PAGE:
Martinsburg City Council accepts resignation of longtime member

October 12, 2007|By MATTHEW UMSTEAD

MARTINSBURG, W.Va. - The Martinsburg City Council on Thursday accepted the resignation of longtime Councilman Donald T. Anderson, who has been hospitalized with a life-threatening illness since June, according to his children.

"We know that Dad has enjoyed his terms on City Council," said Theodore C. "Ted" Anderson and Sylvia J. Bradley in an Oct. 11 letter to Mayor George Karos.

"He is proud of the work accomplished with fellow council members, yourself and the city administration. He has considered it an honor and privilege to serve the citizens of Martinsburg."

Anderson, 80, of 604 Linden Lane, served on City Council from 1977 to 1980 and returned to office in the 1990 municipal election. He held an at-large council seat since, according to city records.


Anderson's children, empowered as attorneys-in-fact, said they submitted their father's resignation based on his medical prognosis.

"In keeping with our father's ideology, we have returned his City Council salary for the period of June through October 2007, while he has been incapacitated and unable to work and assist his constituents," Anderson's children said in the letter. The pay amounted to $1,000.

"I never doubted where he was coming from," Karos said after he adjourned City Council's regular meeting.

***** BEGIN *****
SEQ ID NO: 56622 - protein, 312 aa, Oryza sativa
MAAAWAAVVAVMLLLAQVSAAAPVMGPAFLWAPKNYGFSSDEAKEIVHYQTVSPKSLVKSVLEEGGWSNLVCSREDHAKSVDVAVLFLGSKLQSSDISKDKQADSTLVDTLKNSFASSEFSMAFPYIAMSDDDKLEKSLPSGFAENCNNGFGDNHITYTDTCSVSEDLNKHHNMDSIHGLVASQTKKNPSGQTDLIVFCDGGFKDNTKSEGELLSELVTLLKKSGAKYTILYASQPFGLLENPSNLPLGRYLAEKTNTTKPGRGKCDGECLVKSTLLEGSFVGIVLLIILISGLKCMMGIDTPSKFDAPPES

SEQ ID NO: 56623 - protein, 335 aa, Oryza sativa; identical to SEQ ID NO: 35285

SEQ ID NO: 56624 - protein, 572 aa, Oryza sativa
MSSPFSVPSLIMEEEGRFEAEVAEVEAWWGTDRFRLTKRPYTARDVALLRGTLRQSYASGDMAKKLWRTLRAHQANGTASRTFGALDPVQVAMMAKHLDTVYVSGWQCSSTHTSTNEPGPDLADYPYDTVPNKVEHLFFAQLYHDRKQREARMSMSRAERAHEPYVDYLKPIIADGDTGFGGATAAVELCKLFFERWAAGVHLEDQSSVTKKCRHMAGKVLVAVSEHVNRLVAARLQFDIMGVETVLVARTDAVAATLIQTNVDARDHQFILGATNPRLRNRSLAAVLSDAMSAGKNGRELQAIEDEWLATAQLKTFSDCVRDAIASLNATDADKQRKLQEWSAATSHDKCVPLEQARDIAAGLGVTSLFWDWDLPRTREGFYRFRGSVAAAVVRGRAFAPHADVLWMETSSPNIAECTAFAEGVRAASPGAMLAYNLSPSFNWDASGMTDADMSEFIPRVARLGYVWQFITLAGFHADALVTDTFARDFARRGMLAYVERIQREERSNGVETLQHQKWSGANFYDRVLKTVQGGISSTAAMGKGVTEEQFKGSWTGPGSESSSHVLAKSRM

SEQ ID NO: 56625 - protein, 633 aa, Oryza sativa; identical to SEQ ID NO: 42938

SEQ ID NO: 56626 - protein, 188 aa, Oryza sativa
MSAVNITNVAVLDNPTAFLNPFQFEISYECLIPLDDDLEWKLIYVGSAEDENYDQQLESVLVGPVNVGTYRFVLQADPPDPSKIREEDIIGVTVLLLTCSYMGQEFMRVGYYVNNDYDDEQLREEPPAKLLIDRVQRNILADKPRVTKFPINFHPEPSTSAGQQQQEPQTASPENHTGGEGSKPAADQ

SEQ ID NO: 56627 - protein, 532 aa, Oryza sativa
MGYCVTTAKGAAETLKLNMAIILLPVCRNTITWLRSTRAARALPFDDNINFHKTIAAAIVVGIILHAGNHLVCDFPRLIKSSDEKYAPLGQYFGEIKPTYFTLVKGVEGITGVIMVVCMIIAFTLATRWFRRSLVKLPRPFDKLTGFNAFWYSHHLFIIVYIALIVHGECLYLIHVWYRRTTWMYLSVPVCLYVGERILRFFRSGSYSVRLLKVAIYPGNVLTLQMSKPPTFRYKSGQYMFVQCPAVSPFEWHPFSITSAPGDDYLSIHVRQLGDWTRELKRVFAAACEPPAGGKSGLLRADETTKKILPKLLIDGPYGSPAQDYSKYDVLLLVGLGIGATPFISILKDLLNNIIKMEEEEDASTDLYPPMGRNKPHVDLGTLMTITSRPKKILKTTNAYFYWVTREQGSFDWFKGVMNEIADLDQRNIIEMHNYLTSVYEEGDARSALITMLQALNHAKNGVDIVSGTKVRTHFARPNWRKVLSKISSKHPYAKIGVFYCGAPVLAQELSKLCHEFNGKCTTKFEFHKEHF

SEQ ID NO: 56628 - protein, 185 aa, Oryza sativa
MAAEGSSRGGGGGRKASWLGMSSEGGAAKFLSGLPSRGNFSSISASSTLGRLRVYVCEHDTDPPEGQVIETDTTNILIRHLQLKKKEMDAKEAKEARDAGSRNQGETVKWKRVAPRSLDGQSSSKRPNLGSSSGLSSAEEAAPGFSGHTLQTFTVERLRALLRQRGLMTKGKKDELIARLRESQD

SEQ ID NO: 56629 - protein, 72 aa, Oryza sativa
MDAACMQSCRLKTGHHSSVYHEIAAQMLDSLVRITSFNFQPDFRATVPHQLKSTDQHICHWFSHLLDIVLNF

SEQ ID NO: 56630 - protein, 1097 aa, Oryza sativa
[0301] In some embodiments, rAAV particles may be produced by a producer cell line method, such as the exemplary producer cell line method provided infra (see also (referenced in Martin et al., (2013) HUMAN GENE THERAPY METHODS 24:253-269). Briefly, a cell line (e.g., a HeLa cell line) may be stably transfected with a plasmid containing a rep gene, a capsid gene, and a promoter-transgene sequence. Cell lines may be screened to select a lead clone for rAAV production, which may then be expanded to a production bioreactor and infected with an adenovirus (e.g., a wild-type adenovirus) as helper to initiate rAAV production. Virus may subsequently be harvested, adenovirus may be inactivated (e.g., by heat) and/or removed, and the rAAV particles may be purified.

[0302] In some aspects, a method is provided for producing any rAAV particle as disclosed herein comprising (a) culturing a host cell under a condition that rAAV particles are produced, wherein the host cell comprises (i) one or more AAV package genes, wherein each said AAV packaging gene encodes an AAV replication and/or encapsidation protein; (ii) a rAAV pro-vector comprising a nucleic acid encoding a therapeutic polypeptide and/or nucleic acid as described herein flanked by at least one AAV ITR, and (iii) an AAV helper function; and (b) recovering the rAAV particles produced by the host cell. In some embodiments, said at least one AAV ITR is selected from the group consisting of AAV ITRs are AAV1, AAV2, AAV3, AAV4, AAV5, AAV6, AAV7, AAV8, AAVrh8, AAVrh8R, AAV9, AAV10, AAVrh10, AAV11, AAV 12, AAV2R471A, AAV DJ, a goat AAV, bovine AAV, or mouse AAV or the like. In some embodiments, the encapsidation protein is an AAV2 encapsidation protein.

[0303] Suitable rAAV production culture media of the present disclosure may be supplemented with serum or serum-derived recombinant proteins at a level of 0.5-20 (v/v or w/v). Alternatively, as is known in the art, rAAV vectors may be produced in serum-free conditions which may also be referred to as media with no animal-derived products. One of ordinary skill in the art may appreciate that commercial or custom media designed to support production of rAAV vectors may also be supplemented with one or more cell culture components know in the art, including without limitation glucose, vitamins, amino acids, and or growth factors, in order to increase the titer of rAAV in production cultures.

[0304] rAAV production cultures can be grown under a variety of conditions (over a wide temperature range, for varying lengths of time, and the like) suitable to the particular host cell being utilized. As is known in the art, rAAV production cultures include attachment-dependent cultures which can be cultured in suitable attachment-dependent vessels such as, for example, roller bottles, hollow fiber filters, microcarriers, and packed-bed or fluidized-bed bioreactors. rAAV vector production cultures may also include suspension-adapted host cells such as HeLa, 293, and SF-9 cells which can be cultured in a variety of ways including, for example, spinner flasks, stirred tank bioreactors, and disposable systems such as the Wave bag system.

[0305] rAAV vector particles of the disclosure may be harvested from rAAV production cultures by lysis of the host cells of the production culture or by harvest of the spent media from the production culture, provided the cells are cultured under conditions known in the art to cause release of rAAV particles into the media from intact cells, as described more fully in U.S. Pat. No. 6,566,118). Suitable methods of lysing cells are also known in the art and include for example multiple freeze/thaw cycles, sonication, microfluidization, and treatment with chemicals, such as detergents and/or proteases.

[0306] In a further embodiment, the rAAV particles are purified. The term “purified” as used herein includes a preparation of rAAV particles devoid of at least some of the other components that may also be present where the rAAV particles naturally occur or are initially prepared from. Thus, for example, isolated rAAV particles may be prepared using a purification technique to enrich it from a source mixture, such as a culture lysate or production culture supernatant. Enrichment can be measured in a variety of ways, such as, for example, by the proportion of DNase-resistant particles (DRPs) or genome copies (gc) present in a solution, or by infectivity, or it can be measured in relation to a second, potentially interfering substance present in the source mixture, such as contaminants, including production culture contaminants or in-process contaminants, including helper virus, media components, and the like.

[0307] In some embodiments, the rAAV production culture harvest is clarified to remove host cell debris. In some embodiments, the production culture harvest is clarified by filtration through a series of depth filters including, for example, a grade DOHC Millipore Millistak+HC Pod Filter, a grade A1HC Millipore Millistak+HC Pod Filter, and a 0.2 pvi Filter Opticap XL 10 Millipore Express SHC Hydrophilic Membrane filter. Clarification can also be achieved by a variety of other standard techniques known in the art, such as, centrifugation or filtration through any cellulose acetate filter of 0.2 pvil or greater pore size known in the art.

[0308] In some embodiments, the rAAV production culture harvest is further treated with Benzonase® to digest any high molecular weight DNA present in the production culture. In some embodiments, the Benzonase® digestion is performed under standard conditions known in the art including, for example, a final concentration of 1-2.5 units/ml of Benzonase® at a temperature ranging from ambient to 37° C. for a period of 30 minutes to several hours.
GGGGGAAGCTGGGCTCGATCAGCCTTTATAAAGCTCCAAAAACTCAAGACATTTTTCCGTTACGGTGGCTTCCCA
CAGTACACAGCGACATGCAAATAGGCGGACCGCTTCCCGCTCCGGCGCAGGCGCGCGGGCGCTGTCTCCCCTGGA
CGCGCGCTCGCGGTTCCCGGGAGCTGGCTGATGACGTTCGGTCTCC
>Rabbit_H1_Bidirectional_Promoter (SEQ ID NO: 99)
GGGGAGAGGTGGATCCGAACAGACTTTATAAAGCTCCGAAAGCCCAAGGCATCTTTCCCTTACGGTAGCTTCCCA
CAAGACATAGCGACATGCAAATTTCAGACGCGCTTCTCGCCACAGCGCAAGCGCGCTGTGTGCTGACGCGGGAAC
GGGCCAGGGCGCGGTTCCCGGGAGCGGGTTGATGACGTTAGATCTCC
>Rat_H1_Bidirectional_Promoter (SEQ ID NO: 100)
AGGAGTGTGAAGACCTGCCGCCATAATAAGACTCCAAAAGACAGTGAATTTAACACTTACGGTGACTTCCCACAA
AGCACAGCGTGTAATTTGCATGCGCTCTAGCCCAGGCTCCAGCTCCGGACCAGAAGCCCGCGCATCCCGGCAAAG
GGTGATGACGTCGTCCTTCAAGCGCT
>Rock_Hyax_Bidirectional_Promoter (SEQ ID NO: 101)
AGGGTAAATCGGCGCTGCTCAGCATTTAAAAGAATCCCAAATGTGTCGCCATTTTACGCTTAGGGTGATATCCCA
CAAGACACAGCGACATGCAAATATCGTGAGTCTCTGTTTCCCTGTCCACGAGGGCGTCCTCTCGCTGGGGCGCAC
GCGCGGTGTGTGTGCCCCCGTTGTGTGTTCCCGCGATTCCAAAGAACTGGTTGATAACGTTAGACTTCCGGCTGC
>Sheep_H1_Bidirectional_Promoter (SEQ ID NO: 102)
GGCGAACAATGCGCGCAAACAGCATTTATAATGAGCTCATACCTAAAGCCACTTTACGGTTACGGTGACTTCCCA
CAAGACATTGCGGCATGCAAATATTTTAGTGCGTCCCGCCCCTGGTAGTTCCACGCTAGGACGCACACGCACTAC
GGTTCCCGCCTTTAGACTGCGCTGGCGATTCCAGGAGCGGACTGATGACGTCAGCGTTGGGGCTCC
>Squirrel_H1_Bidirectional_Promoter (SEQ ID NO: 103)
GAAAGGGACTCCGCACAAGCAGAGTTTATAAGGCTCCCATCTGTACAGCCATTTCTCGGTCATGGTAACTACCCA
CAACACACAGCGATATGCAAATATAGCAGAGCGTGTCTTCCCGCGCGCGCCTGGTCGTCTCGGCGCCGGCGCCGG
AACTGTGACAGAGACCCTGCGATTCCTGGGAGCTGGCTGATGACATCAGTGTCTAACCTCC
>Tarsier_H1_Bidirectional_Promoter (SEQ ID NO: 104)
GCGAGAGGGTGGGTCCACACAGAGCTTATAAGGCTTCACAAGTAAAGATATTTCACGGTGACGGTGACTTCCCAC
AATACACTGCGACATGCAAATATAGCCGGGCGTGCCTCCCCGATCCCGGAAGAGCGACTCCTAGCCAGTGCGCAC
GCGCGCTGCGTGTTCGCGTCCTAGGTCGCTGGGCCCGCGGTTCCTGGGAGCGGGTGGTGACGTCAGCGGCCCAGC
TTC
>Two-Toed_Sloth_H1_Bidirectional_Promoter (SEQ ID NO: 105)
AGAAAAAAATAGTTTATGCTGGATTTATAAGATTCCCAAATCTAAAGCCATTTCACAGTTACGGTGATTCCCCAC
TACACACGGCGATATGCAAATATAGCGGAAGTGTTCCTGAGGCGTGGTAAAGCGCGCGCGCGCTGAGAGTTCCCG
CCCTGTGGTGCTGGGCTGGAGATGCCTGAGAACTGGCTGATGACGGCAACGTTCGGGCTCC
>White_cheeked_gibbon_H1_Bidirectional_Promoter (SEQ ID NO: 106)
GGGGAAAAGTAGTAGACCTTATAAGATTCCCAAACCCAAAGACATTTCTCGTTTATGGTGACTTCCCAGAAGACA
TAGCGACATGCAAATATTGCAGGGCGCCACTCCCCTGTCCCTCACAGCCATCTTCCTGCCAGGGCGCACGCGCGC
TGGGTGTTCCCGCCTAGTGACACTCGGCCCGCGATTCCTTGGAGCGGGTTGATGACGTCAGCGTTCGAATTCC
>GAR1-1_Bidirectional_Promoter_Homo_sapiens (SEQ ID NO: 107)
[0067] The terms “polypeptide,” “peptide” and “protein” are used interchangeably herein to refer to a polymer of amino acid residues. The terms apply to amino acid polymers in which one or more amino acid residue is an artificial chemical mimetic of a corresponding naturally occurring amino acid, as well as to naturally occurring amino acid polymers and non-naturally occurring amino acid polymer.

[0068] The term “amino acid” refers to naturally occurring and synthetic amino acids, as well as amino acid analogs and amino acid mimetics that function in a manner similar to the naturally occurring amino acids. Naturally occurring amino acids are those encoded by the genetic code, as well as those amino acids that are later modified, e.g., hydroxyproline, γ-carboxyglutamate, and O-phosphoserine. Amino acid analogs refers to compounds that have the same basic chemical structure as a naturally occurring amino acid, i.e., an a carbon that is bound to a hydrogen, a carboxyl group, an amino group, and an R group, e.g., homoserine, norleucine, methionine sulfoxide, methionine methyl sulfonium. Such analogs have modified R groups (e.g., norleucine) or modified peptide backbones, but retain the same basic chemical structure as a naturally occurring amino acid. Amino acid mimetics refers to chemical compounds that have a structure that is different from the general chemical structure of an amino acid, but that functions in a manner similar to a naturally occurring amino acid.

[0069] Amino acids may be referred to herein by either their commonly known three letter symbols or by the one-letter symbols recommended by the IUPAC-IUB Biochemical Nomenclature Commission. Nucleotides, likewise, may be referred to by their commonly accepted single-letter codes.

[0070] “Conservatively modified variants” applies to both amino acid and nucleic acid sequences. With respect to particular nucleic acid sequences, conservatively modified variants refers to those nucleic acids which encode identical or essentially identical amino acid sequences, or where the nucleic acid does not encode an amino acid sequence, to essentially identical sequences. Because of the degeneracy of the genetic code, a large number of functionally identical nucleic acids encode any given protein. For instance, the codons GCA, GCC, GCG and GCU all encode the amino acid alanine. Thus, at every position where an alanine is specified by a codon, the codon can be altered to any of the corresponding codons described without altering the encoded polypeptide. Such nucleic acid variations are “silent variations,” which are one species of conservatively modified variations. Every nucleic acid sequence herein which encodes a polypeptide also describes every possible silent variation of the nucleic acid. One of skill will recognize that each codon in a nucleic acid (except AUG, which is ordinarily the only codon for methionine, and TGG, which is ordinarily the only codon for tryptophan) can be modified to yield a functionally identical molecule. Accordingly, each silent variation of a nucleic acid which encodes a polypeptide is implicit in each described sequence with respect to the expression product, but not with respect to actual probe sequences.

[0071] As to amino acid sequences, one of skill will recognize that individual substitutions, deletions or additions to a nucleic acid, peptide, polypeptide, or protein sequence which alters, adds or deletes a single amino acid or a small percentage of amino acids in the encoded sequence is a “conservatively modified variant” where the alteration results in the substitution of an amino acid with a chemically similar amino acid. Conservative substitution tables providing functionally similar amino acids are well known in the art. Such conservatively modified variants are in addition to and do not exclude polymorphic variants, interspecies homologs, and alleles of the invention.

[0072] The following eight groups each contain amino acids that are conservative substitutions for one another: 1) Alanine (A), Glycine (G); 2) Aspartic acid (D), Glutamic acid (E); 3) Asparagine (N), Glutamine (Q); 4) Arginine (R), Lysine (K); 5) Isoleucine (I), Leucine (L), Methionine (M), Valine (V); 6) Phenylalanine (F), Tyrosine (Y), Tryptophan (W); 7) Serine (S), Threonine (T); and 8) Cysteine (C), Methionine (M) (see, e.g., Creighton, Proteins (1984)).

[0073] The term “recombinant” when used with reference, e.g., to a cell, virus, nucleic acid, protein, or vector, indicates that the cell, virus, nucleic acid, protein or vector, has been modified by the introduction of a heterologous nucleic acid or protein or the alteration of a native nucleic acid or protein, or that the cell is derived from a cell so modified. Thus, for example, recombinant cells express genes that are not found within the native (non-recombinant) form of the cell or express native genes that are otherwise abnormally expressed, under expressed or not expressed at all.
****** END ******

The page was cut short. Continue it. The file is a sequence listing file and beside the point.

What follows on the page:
Considered a confidante and "more than a friend," Karos said Anderson didn't shy from being in the minority on city issues. In fact, at the last regular council meeting Anderson attended in May, he cast the only vote against increasing garbage and curbside collection fees.

"I'm glad that Don Anderson received me as a friend," Third Ward Councilman Max Parkinson said before voting to accept the resignation.

Councilman Gregg Wachtel's voice cracked as he touted Anderson as one of the city's finest citizens to serve the city.

Ward Five Councilwoman Betty Gunnoe said she knew Anderson her entire life and hoped the city would recognize him in an official way as soon as possible.

Fourth Ward Councilman Roger Lewis told Anderson's son, who serves as the city's police chief, to relay "the love and respect" that council members have for the longtime city leader.

After the vote, Karos announced the city would advertise the council seat vacancy and outline how nominations and applications should be submitted to City Hall by Nov. 16. According to code, city residents must be registered to vote, but may reside in any of the municipality's five wards.

After the application deadline, Karos said the City Council would meet in executive session to decide a short list of two or three candidates and then contact the top choice and invite the person to the next council meeting.

The individual selected would serve until June 30, 2008.

The Herald-Mail Articles